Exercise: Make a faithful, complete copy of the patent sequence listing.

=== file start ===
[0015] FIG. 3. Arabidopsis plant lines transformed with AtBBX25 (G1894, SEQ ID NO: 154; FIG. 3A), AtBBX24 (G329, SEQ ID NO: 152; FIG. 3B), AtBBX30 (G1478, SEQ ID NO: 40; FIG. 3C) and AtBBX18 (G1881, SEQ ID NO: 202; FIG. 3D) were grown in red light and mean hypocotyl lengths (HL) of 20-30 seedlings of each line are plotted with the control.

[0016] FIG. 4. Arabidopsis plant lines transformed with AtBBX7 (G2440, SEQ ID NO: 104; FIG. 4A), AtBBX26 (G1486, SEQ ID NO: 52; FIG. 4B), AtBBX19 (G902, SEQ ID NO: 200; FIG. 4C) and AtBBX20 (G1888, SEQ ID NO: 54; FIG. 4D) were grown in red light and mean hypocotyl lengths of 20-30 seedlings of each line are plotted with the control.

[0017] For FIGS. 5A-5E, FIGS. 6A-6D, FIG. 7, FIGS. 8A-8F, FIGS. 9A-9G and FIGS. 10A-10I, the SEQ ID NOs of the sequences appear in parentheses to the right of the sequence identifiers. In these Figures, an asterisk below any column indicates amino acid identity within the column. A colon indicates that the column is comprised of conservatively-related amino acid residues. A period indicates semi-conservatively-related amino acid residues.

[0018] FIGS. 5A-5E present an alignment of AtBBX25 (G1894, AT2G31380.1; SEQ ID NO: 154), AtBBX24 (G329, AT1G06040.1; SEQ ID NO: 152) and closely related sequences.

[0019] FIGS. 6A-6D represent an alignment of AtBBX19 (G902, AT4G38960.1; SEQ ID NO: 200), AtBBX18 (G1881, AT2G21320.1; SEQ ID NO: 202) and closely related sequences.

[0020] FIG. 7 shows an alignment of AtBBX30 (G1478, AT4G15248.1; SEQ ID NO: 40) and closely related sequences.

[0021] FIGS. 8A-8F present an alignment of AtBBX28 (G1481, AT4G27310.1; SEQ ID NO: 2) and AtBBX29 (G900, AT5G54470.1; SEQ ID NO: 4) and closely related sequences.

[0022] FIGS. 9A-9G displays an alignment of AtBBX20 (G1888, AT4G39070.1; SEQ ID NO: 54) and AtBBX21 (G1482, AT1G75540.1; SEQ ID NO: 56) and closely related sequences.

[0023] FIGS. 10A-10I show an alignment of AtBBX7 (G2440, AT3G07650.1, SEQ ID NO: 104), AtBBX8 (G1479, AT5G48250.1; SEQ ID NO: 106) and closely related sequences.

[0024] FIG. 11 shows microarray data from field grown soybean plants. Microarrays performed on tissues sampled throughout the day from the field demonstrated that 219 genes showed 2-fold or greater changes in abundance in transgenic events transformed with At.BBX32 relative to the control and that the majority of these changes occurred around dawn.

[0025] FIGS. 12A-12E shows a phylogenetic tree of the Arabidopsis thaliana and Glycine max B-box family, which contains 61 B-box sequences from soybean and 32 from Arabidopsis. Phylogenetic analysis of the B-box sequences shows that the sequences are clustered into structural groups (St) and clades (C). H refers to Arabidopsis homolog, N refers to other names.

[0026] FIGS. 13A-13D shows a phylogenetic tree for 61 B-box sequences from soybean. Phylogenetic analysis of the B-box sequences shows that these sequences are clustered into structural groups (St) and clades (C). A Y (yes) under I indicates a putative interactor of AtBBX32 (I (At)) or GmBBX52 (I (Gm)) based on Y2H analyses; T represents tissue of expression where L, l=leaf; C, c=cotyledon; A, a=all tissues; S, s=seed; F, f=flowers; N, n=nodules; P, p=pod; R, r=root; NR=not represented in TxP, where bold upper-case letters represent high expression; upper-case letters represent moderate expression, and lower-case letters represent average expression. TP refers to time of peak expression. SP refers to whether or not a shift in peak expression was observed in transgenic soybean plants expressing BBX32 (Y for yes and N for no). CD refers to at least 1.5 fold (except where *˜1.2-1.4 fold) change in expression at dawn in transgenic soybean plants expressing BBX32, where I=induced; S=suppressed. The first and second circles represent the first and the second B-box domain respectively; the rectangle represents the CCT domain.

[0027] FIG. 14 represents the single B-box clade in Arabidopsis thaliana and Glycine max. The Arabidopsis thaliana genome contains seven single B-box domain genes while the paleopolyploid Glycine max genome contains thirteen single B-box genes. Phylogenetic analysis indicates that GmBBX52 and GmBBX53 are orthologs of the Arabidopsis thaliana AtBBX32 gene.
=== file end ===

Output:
[0015] FIG. 3. Arabidopsis plant lines transformed with AtBBX25 (G1894, SEQ ID NO: 154; FIG. 3A), AtBBX24 (G329, SEQ ID NO: 152; FIG. 3B), AtBBX30 (G1478, SEQ ID NO: 40; FIG. 3C) and AtBBX18 (G1881, SEQ ID NO: 202; FIG. 3D) were grown in red light and mean hypocotyl lengths (HL) of 20-30 seedlings of each line are plotted with the control.

[0016] FIG. 4. Arabidopsis plant lines transformed with AtBBX7 (G2440, SEQ ID NO: 104; FIG. 4A), AtBBX26 (G1486, SEQ ID NO: 52; FIG. 4B), AtBBX19 (G902, SEQ ID NO: 200; FIG. 4C) and AtBBX20 (G1888, SEQ ID NO: 54; FIG. 4D) were grown in red light and mean hypocotyl lengths of 20-30 seedlings of each line are plotted with the control.

[0017] For FIGS. 5A-5E, FIGS. 6A-6D, FIG. 7, FIGS. 8A-8F, FIGS. 9A-9G and FIGS. 10A-10I, the SEQ ID NOs of the sequences appear in parentheses to the right of the sequence identifiers. In these Figures, an asterisk below any column indicates amino acid identity within the column. A colon indicates that the column is comprised of conservatively-related amino acid residues. A period indicates semi-conservatively-related amino acid residues.

[0018] FIGS. 5A-5E present an alignment of AtBBX25 (G1894, AT2G31380.1; SEQ ID NO: 154), AtBBX24 (G329, AT1G06040.1; SEQ ID NO: 152) and closely related sequences.

[0019] FIGS. 6A-6D represent an alignment of AtBBX19 (G902, AT4G38960.1; SEQ ID NO: 200), AtBBX18 (G1881, AT2G21320.1; SEQ ID NO: 202) and closely related sequences.

[0020] FIG. 7 shows an alignment of AtBBX30 (G1478, AT4G15248.1; SEQ ID NO: 40) and closely related sequences.

[0021] FIGS. 8A-8F present an alignment of AtBBX28 (G1481, AT4G27310.1; SEQ ID NO: 2) and AtBBX29 (G900, AT5G54470.1; SEQ ID NO: 4) and closely related sequences.

[0022] FIGS. 9A-9G displays an alignment of AtBBX20 (G1888, AT4G39070.1; SEQ ID NO: 54) and AtBBX21 (G1482, AT1G75540.1; SEQ ID NO: 56) and closely related sequences.

[0023] FIGS. 10A-10I show an alignment of AtBBX7 (G2440, AT3G07650.1, SEQ ID NO: 104), AtBBX8 (G1479, AT5G48250.1; SEQ ID NO: 106) and closely related sequences.

[0024] FIG. 11 shows microarray data from field grown soybean plants. Microarrays performed on tissues sampled throughout the day from the field demonstrated that 219 genes showed 2-fold or greater changes in abundance in transgenic events transformed with At.BBX32 relative to the control and that the majority of these changes occurred around dawn.

[0025] FIGS. 12A-12E shows a phylogenetic tree of the Arabidopsis thaliana and Glycine max B-box family, which contains 61 B-box sequences from soybean and 32 from Arabidopsis. Phylogenetic analysis of the B-box sequences shows that the sequences are clustered into structural groups (St) and clades (C). H refers to Arabidopsis homolog, N refers to other names.

[0026] FIGS. 13A-13D shows a phylogenetic tree for 61 B-box sequences from soybean. Phylogenetic analysis of the B-box sequences shows that these sequences are clustered into structural groups (St) and clades (C). A Y (yes) under I indicates a putative interactor of AtBBX32 (I (At)) or GmBBX52 (I (Gm)) based on Y2H analyses; T represents tissue of expression where L, l=leaf; C, c=cotyledon; A, a=all tissues; S, s=seed; F, f=flowers; N, n=nodules; P, p=pod; R, r=root; NR=not represented in TxP, where bold upper-case letters represent high expression; upper-case letters represent moderate expression, and lower-case letters represent average expression. TP refers to time of peak expression. SP refers to whether or not a shift in peak expression was observed in transgenic soybean plants expressing BBX32 (Y for yes and N for no). CD refers to at least 1.5 fold (except where *˜1.2-1.4 fold) change in expression at dawn in transgenic soybean plants expressing BBX32, where I=induced; S=suppressed. The first and second circles represent the first and the second B-box domain respectively; the rectangle represents the CCT domain.

[0027] FIG. 14 represents the single B-box clade in Arabidopsis thaliana and Glycine max. The Arabidopsis thaliana genome contains seven single B-box domain genes while the paleopolyploid Glycine max genome contains thirteen single B-box genes. Phylogenetic analysis indicates that GmBBX52 and GmBBX53 are orthologs of the Arabidopsis thaliana AtBBX32 gene.